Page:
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E-Tattoo Monitors Brainwaves and Baby Bump


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A man wearing a patch with electronic circuits on his forehead.

While largely transparent, a patch containing electronic circuitry can monitor electrophysiological signals associated with the heart and other muscles, as well as rudimentary brain activity.

Credit: UCSD Jacobs

University of California, San Diego researchers have developed a transparent patch containing electronic circuits as thin as a human hair. When applied to the skin like a temporary tattoo, these devices could be used to monitor electrophysiological signals associated with the heart and muscles, as well as rudimentary brain activity.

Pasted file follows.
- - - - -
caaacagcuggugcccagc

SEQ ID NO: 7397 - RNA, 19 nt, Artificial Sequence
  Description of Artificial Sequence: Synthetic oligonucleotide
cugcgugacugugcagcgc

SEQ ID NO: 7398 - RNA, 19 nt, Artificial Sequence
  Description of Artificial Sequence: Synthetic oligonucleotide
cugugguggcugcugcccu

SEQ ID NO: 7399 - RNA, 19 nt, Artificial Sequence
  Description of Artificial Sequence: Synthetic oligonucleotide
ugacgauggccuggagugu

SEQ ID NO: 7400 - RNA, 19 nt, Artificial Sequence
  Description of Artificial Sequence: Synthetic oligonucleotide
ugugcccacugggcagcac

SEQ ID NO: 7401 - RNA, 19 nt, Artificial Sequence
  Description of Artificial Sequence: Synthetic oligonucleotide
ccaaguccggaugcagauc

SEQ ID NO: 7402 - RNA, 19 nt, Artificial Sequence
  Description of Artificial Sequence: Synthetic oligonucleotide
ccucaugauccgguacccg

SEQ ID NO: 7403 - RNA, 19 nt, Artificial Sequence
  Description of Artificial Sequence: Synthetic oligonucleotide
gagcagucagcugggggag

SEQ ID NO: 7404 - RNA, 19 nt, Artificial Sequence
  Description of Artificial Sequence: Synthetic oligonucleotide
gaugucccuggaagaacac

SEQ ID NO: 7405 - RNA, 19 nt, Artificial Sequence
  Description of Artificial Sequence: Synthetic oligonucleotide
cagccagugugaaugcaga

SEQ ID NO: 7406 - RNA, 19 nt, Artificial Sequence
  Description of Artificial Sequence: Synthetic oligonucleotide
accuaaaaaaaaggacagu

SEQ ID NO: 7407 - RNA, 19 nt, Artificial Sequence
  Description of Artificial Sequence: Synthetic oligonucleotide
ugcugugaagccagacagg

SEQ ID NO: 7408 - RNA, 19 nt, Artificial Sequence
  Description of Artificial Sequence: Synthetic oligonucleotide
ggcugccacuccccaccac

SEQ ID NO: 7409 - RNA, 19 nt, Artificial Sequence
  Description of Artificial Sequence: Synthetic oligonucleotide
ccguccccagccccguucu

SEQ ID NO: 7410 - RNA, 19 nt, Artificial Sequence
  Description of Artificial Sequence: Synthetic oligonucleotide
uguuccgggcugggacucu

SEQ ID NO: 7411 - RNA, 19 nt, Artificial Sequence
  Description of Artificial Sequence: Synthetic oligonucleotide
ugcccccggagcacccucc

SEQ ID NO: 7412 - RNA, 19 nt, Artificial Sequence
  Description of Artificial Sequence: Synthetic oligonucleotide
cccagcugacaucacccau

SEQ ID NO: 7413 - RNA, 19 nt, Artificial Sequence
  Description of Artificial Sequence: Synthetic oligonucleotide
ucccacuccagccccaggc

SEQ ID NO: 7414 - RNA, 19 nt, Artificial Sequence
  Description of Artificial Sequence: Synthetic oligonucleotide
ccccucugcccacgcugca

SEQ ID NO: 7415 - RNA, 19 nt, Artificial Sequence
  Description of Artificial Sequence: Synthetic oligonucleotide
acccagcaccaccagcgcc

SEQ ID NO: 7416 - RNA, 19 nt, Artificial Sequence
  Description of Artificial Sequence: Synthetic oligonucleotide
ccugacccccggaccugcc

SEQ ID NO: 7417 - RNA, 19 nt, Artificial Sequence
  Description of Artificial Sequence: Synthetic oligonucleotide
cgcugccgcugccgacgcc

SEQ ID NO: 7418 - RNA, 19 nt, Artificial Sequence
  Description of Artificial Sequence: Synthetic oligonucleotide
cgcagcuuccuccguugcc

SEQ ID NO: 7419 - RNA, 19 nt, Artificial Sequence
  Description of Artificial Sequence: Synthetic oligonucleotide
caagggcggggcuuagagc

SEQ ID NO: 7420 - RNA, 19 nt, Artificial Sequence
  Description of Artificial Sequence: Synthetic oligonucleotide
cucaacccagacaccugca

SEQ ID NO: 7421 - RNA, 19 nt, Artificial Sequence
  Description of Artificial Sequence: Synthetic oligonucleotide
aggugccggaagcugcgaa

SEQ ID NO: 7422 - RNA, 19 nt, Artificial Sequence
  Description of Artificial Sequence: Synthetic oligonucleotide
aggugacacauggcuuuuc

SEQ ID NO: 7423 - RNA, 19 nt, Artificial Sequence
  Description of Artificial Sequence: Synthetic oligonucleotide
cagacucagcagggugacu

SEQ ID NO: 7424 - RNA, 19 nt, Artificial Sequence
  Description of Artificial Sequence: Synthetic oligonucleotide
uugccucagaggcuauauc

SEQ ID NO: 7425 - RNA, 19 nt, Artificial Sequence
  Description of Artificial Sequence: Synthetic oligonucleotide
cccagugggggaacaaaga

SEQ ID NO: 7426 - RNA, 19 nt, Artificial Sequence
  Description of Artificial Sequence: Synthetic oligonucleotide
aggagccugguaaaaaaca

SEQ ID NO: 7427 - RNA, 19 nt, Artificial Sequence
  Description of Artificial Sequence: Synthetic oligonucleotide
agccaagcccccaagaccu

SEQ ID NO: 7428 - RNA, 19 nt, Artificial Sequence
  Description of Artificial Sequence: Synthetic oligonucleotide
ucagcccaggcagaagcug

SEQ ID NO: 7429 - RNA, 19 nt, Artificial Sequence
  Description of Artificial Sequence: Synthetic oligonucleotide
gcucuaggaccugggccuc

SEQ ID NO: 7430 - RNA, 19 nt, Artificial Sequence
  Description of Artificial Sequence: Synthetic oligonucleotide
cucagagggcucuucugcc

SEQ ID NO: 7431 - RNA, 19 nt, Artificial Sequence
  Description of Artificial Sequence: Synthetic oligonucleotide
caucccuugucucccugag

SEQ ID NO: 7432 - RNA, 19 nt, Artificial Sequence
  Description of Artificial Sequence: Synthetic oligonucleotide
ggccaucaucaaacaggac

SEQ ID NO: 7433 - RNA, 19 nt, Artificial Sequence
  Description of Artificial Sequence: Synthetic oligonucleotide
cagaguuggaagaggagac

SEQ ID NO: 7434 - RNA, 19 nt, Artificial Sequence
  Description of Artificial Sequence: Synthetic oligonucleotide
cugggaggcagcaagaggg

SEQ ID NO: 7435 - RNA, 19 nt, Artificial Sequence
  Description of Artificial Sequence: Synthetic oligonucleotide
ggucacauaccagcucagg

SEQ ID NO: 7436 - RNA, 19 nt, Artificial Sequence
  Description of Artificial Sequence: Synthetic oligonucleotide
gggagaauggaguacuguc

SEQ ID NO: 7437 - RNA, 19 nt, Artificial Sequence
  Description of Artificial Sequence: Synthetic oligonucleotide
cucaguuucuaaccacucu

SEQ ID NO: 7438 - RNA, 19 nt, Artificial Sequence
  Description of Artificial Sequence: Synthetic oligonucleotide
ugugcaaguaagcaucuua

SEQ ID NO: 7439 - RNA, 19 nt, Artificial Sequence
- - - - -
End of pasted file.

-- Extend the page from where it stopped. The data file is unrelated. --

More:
Now the researchers have optimized the placement of the electrodes to pick up more complex brainwaves. During testing, the tattoo was as good as conventional electroencephalogram at determining whether a person was looking at the target image or another stimulus.

The researchers also are modifying the tattoo to transmit data wirelessly to a smartphone, says San Diego researcher Todd Coleman. He hopes that eventually the device could identify other complex patterns of brain activity, such as those that might be used to control a prosthetic limb.

The group is currently optimizing the tattoo for use in conditions such as depression and Alzheimer's disease, each of which have distinct patterns of neural activity. Since its electronic components are already mass-produced, the tattoo also can be made very cheaply.

From New Scientist
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